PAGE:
Most of us aren’t experts when it comes to getting rid of clutter and organizing our homes. Unfortunately, it’s common to get about halfway or even completely through the job, only to discover we’ve gone about things in a poorly devised manner. Believe me, I’ve done it plenty of times! Perhaps you discover the process is taking much longer than you thought, and you end up with things strewn about the room for weeks because you simply don’t have the time to get back to the job. That’s just one common example of why so many of us avoid this stressful process. However, knowing what not to do when deciding to declutter can help to ensure you don’t end up with such frustration.
Don’t Overdo It
As already mentioned, it’s unwise to get overzealous. Thinking you will sort through an entire houseful of possessions in one day is unrealistic. Doing this may even cause you enough frustration to give up on the project entirely. Avoid burnout by setting aside a smaller time frame to complete one room or area.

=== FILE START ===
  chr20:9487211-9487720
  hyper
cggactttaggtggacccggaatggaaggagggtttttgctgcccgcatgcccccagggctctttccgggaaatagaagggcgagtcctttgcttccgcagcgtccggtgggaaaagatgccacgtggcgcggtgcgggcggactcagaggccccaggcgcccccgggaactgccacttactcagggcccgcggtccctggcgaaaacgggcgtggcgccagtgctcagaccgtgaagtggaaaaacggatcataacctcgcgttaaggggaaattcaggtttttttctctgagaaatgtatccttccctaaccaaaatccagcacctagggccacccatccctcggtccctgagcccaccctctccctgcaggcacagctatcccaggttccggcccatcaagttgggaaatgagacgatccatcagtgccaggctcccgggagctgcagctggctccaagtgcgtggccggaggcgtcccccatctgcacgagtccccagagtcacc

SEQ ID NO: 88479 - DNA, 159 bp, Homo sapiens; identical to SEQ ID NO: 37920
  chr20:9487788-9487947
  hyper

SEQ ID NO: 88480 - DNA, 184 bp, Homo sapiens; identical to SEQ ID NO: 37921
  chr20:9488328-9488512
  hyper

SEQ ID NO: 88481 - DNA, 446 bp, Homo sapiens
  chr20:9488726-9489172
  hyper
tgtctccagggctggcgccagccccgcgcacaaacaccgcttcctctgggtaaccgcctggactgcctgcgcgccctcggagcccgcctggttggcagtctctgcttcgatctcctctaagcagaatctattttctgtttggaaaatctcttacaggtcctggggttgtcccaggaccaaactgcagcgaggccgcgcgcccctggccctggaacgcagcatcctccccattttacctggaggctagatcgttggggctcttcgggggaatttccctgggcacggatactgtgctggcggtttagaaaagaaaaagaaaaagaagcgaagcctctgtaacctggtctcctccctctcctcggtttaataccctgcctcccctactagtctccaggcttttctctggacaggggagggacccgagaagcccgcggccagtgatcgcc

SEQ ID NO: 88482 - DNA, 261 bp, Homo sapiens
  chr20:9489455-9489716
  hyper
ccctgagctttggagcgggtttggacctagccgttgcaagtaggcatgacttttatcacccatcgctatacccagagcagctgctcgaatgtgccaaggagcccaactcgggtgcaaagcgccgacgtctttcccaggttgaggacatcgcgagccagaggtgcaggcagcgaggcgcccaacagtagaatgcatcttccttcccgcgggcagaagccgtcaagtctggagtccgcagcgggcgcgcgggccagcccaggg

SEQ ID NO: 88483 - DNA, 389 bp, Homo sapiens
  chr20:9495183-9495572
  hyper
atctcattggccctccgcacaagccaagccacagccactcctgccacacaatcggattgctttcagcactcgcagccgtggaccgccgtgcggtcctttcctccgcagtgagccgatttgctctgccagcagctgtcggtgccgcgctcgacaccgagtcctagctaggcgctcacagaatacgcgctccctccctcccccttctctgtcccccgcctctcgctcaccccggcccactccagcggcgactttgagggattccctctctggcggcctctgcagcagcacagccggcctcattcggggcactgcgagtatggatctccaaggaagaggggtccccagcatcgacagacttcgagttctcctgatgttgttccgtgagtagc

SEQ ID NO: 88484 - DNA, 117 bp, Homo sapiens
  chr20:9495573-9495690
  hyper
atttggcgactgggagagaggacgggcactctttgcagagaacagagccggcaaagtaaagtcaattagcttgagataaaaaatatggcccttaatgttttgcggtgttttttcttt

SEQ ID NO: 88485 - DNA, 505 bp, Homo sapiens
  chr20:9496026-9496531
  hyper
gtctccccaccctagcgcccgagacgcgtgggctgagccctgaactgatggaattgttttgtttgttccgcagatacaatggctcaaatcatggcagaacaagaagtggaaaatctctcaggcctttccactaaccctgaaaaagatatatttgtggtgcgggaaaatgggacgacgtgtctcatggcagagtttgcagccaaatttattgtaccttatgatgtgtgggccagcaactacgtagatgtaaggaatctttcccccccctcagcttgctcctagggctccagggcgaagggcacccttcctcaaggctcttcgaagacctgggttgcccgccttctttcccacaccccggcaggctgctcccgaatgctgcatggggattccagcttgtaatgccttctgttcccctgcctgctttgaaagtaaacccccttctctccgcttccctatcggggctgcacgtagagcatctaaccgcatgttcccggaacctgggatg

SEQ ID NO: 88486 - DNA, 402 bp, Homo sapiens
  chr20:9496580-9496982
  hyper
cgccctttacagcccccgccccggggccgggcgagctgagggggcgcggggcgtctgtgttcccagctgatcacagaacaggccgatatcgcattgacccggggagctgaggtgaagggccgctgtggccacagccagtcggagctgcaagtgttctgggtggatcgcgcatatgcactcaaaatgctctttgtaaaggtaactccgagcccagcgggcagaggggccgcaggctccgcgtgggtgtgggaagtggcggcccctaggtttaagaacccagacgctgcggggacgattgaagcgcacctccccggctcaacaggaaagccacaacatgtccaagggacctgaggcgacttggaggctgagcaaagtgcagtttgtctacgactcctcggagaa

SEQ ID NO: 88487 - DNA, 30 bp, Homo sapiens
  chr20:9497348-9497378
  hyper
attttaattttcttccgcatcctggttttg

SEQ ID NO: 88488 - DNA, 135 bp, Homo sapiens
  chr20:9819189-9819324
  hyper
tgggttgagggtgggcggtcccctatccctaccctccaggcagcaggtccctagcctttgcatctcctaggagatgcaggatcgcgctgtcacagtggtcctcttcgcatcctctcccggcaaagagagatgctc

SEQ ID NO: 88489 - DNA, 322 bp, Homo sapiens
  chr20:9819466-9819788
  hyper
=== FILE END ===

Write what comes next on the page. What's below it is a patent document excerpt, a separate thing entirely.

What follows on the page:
Don’t Organize Before Purging
Part of the process of decluttering your home is organizing everything in a neat and tidy way. That’s great, but first you need to purge your home of all those things that are just taking up space. Often times, people want to skip to the fun part. So they go out and buy a bunch of pretty containers, bins and storage boxes for organizing all their stuff. This strategy is usually a waste of money and time because it’s impossible to understand your storage needs until you’re able to assess your remaining possessions after the purging process.
Don’t Do Only Half the Job
A big mistake made by many is setting items for the church rummage sale or for thrift store donation aside to be delivered another day. You may think it makes sense to leave that bag of sweaters intended for Aunt Pam sitting in your closet until you see her next. In reality, all of these things simply leave your decluttering project looking unfinished. Take the extra effort to remove all unwanted items from your home immediately.
Don’t Reward Yourself with More Stuff
Finally, no matter how much you may be tempted, never go out and reward yourself for all of your hard decluttering work by purchasing a new item. This mistake simply continues the cycle of the bad habits that led to your clutter problem in the first place. An exception to this rule may be the decision to buy a new armoire or other piece of storage furniture to replace one you just gave away, as this move doesn’t add clutter. It improves aesthetics.